The Future of the American Jew

The Future of the American Jew

The Future of the American Jew

The Future of the American Jew

Excerpt

In a recent article on the Jews of Palestine Arthur Koestler takes occasion to offer advice to the Jews of the Diaspora. "I am in favor," he writes, "of Jews becoming assimilated with and absorbed by the countries in which they live. I think it is high time to liquidate this anachronism of a separate community all over the world, which cannot be defined either as a separate race or nation or religious sect, and whose insistence on remaining in one way apart has led to an unparalleled chain of massacres, persecutions and expulsions for fifteen hundred years."

That advice is entirely uncalled for, as far as orthodox Jews are concerned. For them the Jewish people possesses, in its Torah, the key to salvation, both in this world and in the world to come. They still believe with every fibre of their being that the Pentateuch was dictated by God to Moses. They take for granted that the Rabbinic interpretation of the Mosaic code is divinely sanctioned and, therefore, eternally binding. To Jews, who, believe thus, the career of the Jewish people is central in God's providential scheme for mankind. Even to suggest that such a people is an anachronism and has outlived its usefulness is sheer nonsense. No sacrifice can be too great, no suffering too unbearable for the sake of belonging to such a people.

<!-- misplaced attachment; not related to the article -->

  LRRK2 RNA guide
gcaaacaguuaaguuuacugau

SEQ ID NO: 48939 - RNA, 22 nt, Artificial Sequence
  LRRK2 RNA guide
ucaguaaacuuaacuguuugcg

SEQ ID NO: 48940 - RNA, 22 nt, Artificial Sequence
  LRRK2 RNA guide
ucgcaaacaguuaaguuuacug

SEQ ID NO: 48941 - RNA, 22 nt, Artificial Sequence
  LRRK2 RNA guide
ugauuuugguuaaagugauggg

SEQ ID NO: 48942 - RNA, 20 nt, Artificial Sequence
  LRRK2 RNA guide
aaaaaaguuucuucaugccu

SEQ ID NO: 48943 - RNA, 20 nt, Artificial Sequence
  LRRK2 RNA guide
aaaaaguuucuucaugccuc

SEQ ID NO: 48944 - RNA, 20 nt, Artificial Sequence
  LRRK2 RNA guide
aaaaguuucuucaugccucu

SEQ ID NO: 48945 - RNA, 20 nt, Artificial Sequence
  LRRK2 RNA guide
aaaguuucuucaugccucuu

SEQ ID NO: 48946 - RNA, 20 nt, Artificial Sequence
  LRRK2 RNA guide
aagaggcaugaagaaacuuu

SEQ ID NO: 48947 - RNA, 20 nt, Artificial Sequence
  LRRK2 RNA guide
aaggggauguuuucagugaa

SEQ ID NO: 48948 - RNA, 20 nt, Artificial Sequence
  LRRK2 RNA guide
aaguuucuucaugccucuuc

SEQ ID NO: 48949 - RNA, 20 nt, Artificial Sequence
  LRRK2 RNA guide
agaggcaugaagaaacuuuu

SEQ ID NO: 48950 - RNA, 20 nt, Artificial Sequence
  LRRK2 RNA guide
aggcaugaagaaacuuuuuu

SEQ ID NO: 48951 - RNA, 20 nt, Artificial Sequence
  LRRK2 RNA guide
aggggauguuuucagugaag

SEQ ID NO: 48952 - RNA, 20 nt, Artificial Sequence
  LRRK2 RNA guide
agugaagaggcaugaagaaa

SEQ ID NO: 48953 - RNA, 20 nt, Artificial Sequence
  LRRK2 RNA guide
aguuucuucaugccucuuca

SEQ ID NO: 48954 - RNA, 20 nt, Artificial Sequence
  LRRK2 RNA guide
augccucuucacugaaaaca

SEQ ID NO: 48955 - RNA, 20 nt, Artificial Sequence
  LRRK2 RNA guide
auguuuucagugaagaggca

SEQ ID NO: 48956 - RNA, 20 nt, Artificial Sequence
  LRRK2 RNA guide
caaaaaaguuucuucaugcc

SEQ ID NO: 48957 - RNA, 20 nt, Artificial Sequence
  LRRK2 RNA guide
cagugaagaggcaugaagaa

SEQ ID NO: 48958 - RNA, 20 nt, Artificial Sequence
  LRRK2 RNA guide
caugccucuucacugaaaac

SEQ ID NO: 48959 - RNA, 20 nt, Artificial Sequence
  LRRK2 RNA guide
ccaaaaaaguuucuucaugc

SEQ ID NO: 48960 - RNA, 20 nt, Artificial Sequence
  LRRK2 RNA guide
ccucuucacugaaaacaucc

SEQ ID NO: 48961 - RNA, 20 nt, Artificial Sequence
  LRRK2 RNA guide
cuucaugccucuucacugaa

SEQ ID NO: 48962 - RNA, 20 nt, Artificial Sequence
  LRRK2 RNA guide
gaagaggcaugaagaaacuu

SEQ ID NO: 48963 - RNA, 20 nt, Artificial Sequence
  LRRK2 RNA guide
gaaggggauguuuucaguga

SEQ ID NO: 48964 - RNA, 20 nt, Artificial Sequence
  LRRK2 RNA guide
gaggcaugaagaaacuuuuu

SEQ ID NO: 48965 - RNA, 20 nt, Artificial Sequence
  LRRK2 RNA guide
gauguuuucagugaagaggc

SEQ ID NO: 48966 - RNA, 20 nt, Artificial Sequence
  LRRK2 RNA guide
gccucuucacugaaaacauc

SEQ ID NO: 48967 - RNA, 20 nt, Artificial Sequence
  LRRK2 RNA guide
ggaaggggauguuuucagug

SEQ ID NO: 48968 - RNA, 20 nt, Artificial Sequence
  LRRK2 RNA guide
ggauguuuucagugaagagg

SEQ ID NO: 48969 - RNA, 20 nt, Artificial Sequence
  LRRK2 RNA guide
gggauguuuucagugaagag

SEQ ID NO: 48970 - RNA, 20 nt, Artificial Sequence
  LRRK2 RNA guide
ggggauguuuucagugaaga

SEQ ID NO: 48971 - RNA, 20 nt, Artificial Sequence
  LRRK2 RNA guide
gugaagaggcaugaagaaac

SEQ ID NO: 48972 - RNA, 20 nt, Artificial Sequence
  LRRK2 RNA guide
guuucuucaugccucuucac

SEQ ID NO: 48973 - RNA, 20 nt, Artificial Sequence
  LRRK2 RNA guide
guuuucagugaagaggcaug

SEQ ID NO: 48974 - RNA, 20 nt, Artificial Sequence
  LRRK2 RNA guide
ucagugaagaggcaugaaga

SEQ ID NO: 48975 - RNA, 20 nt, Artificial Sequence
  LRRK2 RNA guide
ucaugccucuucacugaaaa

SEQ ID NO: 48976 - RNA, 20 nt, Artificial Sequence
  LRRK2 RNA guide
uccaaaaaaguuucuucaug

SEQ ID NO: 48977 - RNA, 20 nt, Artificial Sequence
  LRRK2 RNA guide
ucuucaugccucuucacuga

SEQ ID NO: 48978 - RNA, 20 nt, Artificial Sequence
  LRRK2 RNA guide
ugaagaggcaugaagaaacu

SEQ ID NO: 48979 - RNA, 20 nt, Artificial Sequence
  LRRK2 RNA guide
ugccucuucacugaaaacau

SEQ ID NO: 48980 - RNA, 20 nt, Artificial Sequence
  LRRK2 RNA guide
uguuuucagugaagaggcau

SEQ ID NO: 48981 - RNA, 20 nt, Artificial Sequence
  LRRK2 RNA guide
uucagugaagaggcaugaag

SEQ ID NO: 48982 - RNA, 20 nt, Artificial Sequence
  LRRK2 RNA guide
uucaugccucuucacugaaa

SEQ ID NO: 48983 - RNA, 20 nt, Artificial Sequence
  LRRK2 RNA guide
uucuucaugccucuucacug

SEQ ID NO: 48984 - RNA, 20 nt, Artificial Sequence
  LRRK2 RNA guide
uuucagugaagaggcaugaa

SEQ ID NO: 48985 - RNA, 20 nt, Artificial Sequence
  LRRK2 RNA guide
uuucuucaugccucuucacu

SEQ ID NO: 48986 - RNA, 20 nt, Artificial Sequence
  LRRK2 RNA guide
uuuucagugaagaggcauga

However, what Koestler has to say about Diaspora Jewry does apply with searching and challenging penetration to those Jews whose faith in Israel's traditions has been shaken. Their number is undoubtedly on the increase. Not being able to subscribe to the traditional assumptions concerning the transcendental role of the Jewish people either as pivotal to the history of mankind, or as the sole bearer of the means to salvation, they cannot reconcile themselves to the anomalous character of the Jews as a corporate entity. Not knowing exactly what it is that unites all Jews and sets them apart from the rest of the world, they are always in a state of painful perplexity and inner conflict. They can see no vital purpose to a tradition which is remembered mainly for the blood and tears of those who lived by it in the past. They are wearied by the multitude of competing and overlapping organizations and by the lack of over-all organization and authoritative guidance. They cannot endure the boredom of having to live in a cultural vacuum. They are depressed by the unrelieved gloom which the dark clouds of fear and insecurity cast over Jewish life. No wonder so many of them try to escape it altogether.

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